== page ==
On the carpet is obviously the last place you want that glass of Merlot to end up, but sometimes clumsiness can’t be helped. To remove red wine from the carpet, first, blot up as much of the wine as humanly possible; try covering the area with a clean towel or cloth and either standing on top of it, applying pressure with your feet, or placing a heavy object on top, like a pot, to soak up all the liquid.

Then spray on a carpet cleaning product specifically intended for wine stains and let it sit for a few minutes. Blot the area with a clean towel or cloth until the stain disappears (kinda like that entire bottle of wine).

Wine stains

3. Coffee stains

We’re as committed to our morning caffeine ritual as anyone, but that precious elixir can be a real beast when it’s spilled on the usual white or beige apartment carpet. Thankfully, coffee stains can typically be removed with a quick DIY carpet cleaning solution using ingredients you probably have on hand. First, soak up any excess coffee with a clean towel or cloth. Then fill a cup or small pitcher with warm water, adding a tablespoon each of dishwashing liquid (the kind you wash dishes by hand with, not the detergent you put in the dishwasher!) and plain white vinegar. Using a clean towel or cloth, dip a corner into the solution and apply it to the coffee stain, dabbing firmly to help the mixture soak into the carpet. Repeat as necessary until all the coffee has been lifted — then treat yourself to another cup.

Coffee stains

4. Ink stains

Whether your dog got a hold of a permanent marker or you dropped a printer ink cartridge on the floor, ink stains on carpet can be a real nightmare. But ink can generally be removed from your carpet with something most renters already have on hand: rubbing alcohol, which works like a champ at breaking down the pigments in ink.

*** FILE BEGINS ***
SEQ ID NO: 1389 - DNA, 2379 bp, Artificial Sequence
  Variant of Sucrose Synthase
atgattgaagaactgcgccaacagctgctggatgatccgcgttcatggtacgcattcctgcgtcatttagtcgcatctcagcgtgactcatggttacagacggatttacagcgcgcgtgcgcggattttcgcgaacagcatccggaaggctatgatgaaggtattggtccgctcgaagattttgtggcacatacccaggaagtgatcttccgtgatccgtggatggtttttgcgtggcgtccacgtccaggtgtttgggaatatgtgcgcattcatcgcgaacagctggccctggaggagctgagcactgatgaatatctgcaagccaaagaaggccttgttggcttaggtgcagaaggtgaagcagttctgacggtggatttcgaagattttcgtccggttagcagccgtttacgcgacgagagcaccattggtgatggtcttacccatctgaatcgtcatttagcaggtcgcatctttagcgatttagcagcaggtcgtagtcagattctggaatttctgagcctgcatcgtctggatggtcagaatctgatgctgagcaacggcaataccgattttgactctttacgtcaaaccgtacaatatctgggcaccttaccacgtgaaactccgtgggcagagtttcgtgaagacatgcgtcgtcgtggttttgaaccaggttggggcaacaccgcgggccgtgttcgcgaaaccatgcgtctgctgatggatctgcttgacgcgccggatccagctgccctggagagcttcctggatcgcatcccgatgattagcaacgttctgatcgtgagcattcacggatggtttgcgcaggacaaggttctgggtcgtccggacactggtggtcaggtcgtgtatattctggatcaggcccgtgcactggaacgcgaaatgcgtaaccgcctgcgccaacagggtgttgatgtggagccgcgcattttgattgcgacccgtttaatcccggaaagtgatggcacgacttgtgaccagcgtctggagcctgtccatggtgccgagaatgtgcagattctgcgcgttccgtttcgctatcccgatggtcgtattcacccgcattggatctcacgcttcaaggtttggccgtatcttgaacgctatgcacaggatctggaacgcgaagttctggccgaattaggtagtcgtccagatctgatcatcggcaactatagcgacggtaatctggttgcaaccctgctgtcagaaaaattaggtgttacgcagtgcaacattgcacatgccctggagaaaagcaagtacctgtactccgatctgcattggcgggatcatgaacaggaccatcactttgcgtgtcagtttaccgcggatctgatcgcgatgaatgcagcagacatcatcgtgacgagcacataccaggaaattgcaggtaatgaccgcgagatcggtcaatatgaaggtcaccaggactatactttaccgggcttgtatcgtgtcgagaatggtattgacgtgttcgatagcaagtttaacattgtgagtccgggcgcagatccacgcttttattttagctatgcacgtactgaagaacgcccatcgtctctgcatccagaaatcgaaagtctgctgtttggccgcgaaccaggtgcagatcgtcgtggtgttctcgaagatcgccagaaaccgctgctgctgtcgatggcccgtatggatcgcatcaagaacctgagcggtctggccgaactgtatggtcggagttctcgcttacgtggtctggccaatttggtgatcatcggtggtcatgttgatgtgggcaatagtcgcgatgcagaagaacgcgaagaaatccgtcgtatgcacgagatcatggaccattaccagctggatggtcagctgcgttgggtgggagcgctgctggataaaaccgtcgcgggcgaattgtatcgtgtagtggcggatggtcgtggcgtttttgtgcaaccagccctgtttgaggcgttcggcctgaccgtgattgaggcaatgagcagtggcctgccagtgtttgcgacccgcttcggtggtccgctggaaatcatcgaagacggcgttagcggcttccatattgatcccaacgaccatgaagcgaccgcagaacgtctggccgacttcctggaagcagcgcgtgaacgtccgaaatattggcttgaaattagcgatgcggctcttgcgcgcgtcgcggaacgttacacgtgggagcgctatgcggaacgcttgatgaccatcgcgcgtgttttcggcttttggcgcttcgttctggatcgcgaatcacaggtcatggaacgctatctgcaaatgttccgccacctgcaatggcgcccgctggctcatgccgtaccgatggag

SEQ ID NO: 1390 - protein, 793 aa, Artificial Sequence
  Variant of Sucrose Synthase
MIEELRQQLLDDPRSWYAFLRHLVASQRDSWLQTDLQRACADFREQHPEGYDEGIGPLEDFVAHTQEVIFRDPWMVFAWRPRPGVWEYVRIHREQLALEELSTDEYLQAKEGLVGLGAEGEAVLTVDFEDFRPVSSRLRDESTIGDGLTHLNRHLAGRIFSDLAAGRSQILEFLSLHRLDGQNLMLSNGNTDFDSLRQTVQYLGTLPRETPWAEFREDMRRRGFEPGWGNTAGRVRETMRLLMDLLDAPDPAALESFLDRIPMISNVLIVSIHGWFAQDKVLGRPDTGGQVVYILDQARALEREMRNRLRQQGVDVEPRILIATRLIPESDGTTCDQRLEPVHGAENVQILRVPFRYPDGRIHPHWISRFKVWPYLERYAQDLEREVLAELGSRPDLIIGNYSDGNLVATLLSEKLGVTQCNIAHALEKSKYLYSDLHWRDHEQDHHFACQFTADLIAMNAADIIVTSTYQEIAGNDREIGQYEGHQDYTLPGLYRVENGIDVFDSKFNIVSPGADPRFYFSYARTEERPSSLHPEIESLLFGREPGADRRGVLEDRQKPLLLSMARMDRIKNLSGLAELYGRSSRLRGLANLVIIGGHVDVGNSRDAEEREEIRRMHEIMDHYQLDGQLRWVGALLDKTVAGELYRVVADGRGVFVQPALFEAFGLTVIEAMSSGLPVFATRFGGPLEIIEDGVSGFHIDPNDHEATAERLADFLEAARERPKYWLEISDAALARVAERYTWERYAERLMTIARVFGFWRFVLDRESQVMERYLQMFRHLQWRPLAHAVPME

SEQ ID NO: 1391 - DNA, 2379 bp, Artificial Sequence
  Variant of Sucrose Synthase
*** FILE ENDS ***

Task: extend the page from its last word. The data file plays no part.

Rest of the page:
Simply pour a small amount of rubbing alcohol directly onto the stain. (Don’t have rubbing alcohol on hand? Try hairspray or hand sanitizer.) Then begin to blot the stain gently with a clean dry cloth; the ink should gradually transfer from the carpet to the cloth.

5. General funk and carpet odor

So your apartment carpet isn’t stained per se, but it’s also not smelling very… fresh. A simple refresh might be all it needs: Try sprinkling a generous amount of baking soda on your carpet, then vacuuming it up. The deodorizing properties of the baking soda will help banish any residual funkiness and leaving you primed and ready to get that precious security deposit refund.

What to do when you can’t remove stains from the carpet

If you’re moving out and you’ve got stubborn carpet stains that just won’t budge, try talking to your landlord. There’s no law that states how often carpet must be replaced in rentals, but most corporate-owned properties will have a set schedule for doing so — say, every 3 years — so if it’s due to be replaced anyway, they may cut you some slack. (Also, know that landlords cannot withhold your security deposit for ordinary wear and tear — although what exactly that entails always seems to be a matter of debate).

If your DIY efforts fail and your landlord isn’t interested in negotiating, many grocery stores, hardware stores, and pet supply stores rent out carpet steam cleaners that can battle older, more persistent carpet stains. Rentals are typically around $30-40 for a few hours, plus the cost of the steam cleaning solution (around $25 or more). If that all sounds like a huge hassle you’d rather avoid, hiring a professional carpet cleaner is also a viable option. Prices vary by area but expect to pay around $150 to $200 for such a service, and you can also try searching online for a Groupon or other discount deal in your area. It may seem like a big expense, but ensuring that you get your security deposit refund back could be worth it.

A quick note! Our goal is to gather and share info that’s up-to-date and helps you make great decisions as a renter. That said, the information you get directly from a provider could be a little different. Make sure to review their terms and conditions directly; and, if you see anything here that needs to be updated, please let us know! Advertising disclosure
Last Updated: December 30th, 2020